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Moving With Pets

Requirements and Moving Arrangements for Your Furry Family

Pets typically have a more difficult time acclimating to new environments, and some pets don't fare well traveling, whether by car or plane. You can however take steps to mitigate this period of discomfort for your furry family members. This article will provide tips to help their pets with the transition before, during, and after the move. Although cats and dogs will be the general focus, we'll also include a few tips for birds and other pets as well.

First and foremost, you should take your pet for one last checkup before you move. In some cases, it may be in necessary. While you're at the clinic, take the opportunity to get your pet's veterinary records and health certificates, update any necessary vaccinations such as rabies inoculations, and inquire about entry permits if you intend to travel across state lines. Dogs and horses are required to have interstate health certificates in most states; cats and birds also need the same health certificates for some states. You should also take into account that health certificates are also only valid for a short span of time. Don't forget to ask your vet if he or she can refer another veterinarian in your new city.

If your pet is traveling by plane, you should check with the airlines about any specific regulations they may have, such as pet insurance. If you don't have a carrier, you'll have to purchase one. You can find ideal carrier specifications through the IATA (International Air Transport Association). Include familiar blankets and favorite toys in your pet's carrier to give it a sense of comfort as it travels. Also, make sure to book a direct flight as opposed to a connecting flight, you'll want to reduce the amount of time your pet spends outside waiting to reach your intended destination. If your pet is traveling with you by car, be sure to take frequent bathroom breaks and keep your pet hydrated with a constant supply of water. However, you should not give water or feed your pet right before the move; otherwise it may experience car sickness. And finally, you should never leave your pet unattended in the car.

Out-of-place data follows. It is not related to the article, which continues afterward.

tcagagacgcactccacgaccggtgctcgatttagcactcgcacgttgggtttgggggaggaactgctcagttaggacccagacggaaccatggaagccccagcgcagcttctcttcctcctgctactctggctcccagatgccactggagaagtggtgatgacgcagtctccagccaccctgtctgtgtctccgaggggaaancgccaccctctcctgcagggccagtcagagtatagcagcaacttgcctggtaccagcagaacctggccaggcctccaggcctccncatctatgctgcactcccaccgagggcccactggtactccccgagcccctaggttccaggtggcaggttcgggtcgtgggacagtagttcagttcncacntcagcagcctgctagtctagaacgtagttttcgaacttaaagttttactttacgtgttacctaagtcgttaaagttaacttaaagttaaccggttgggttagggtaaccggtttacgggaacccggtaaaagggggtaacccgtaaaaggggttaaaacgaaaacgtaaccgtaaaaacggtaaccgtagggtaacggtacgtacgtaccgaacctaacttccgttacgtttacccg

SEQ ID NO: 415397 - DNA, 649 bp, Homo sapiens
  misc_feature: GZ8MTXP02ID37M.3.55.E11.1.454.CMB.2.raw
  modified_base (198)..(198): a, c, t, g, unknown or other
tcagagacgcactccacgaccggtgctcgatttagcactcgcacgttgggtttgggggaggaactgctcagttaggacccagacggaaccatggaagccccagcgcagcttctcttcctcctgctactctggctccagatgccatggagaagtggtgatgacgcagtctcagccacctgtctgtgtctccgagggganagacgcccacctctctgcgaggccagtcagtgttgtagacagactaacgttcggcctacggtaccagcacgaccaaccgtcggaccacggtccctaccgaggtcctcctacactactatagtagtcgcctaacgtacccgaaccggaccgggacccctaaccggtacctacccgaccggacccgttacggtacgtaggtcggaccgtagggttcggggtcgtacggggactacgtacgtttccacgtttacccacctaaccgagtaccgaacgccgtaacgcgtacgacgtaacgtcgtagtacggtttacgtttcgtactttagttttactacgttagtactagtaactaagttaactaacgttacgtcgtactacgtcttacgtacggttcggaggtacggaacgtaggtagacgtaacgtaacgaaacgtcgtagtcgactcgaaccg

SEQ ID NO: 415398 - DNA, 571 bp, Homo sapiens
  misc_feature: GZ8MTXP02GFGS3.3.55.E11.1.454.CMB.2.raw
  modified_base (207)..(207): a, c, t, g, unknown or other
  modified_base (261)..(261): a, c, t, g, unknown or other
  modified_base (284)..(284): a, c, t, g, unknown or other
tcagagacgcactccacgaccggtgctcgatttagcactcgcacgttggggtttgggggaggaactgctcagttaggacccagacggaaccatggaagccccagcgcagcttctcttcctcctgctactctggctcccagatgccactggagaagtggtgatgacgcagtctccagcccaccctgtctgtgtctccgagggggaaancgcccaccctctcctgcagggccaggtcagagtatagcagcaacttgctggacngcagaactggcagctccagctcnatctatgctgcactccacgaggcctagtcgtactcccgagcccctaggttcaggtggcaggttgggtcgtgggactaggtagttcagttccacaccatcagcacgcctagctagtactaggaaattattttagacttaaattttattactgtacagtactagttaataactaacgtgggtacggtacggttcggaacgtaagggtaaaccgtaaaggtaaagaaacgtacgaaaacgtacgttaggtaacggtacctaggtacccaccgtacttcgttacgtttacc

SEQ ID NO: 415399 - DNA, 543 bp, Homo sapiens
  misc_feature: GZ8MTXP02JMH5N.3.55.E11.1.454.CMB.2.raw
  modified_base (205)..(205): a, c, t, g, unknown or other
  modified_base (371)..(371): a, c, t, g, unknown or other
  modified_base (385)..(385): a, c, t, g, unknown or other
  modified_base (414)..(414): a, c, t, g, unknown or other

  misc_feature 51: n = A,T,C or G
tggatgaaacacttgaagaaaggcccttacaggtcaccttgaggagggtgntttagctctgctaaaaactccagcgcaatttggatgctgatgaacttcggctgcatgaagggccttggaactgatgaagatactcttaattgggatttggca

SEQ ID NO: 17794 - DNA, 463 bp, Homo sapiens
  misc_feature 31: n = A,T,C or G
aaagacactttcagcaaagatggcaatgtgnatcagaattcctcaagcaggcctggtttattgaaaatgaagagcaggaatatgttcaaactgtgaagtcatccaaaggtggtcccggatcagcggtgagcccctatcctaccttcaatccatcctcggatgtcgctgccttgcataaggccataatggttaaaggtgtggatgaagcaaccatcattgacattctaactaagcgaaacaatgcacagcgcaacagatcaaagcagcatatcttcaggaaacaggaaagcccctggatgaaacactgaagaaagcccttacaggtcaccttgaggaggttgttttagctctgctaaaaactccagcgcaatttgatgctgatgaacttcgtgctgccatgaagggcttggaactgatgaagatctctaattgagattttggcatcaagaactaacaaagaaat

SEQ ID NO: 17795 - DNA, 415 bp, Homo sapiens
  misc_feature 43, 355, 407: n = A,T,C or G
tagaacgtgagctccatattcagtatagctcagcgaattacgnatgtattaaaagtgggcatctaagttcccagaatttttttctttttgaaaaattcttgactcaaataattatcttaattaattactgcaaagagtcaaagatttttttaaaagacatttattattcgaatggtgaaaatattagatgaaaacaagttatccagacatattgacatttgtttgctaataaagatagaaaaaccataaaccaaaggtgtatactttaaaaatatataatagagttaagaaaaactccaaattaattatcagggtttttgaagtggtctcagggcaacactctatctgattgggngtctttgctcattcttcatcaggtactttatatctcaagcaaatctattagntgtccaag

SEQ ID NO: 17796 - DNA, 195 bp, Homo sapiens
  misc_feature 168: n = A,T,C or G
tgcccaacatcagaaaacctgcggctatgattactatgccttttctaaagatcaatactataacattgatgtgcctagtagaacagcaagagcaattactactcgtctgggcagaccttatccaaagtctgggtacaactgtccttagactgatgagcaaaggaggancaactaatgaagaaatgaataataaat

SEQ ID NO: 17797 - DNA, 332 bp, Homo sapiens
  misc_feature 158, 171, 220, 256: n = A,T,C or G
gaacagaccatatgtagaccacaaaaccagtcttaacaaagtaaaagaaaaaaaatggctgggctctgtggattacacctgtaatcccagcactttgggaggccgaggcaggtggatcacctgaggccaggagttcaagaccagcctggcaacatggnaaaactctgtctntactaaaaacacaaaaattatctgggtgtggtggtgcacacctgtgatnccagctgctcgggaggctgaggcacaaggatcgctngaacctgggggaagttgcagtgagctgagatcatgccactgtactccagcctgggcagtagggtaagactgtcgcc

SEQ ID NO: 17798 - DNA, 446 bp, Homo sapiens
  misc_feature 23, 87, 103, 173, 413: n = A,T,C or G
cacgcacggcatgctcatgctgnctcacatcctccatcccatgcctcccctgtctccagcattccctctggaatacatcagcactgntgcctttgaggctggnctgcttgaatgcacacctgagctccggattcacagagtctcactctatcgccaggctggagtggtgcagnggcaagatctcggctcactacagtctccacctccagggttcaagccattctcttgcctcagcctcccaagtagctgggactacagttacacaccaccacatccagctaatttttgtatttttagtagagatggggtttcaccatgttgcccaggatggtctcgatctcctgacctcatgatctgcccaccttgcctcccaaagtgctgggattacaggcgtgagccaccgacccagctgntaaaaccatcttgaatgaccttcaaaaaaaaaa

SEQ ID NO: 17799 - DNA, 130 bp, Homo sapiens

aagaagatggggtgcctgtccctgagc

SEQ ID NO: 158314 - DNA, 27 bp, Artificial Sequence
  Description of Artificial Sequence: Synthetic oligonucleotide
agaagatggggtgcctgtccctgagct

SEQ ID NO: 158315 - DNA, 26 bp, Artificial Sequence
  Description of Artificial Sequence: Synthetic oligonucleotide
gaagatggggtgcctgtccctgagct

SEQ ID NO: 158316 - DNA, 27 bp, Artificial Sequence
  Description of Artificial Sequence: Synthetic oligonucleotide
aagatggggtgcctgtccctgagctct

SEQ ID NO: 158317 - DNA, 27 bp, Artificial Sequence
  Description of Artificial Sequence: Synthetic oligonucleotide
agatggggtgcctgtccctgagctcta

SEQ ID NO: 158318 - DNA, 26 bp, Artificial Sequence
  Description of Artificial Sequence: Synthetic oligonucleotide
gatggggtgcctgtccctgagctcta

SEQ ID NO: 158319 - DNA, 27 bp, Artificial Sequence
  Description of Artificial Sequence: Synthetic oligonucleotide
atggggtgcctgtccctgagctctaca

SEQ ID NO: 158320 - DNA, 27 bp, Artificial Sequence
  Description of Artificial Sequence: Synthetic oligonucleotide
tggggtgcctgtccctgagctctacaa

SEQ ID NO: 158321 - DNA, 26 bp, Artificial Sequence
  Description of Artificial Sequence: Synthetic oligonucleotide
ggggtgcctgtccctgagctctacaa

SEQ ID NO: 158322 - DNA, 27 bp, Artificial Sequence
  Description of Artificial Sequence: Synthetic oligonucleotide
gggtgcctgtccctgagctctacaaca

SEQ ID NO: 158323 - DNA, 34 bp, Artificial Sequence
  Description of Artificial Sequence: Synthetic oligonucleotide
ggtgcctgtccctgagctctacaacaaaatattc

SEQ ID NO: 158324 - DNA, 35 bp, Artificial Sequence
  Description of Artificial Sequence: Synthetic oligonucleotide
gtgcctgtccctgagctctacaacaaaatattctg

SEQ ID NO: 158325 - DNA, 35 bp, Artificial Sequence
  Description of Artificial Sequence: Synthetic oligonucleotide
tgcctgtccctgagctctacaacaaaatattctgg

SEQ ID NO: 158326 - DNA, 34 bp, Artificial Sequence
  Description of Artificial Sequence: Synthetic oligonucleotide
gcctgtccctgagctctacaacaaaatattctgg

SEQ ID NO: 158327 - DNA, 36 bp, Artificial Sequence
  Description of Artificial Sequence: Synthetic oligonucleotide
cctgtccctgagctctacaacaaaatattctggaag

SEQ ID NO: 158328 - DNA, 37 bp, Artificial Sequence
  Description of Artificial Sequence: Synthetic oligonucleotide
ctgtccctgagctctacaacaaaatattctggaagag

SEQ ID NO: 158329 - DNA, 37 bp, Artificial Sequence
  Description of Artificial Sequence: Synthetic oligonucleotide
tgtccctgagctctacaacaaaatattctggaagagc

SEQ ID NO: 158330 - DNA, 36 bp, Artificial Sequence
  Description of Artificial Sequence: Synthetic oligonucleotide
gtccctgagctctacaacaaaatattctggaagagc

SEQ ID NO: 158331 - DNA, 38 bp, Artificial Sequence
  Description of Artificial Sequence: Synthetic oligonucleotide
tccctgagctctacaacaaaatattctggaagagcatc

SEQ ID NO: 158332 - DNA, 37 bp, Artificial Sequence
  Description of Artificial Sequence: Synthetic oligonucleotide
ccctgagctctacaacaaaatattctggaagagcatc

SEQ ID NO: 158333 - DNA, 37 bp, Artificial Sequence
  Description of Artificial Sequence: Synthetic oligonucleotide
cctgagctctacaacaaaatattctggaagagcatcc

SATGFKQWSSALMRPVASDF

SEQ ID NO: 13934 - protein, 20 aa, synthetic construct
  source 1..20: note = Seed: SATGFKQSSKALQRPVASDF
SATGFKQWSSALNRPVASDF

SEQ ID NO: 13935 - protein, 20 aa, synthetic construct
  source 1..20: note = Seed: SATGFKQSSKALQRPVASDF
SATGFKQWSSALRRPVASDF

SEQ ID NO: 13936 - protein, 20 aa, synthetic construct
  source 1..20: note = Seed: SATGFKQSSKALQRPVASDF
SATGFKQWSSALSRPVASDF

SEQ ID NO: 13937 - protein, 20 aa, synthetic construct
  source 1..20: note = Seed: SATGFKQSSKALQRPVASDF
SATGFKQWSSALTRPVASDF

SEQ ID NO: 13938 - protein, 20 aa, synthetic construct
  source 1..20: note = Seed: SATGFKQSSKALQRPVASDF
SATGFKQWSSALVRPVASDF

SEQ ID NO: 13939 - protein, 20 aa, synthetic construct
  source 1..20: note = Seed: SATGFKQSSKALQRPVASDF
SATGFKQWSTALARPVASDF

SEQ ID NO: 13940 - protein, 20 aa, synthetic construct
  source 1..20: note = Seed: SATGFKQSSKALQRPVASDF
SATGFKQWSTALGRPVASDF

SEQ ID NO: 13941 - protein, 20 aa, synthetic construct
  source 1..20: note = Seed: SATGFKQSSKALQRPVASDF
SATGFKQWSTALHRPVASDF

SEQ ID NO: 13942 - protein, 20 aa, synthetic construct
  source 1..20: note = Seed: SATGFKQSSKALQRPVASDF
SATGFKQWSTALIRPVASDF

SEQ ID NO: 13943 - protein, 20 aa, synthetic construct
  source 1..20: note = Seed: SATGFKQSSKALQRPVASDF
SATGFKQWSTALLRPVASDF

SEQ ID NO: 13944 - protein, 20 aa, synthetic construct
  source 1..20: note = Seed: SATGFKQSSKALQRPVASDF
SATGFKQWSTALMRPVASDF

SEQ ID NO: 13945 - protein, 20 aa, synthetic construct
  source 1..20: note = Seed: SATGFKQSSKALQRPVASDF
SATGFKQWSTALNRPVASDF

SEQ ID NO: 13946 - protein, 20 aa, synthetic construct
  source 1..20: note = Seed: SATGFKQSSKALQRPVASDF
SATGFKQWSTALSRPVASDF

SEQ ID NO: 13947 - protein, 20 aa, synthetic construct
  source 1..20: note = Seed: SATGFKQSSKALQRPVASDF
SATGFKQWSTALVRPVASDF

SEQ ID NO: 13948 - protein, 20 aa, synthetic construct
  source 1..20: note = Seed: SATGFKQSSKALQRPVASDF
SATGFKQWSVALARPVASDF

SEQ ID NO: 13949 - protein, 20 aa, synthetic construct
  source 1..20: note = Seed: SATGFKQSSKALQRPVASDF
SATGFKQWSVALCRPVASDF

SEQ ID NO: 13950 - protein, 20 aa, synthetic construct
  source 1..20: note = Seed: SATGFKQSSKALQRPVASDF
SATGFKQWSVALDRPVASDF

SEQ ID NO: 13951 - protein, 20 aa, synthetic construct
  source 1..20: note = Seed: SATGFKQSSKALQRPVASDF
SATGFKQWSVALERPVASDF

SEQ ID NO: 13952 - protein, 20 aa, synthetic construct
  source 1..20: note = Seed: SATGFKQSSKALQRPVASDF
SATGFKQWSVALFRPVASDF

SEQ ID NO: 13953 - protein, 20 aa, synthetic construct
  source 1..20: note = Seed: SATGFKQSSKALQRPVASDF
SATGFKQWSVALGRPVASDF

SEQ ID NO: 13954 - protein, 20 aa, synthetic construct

If you own a dog, one of the first things you should do is take it for a walk around the neighborhood once the movers have unloaded all of your items inside. This is also a great opportunity for you to establish certain boundaries such as streets and traffic.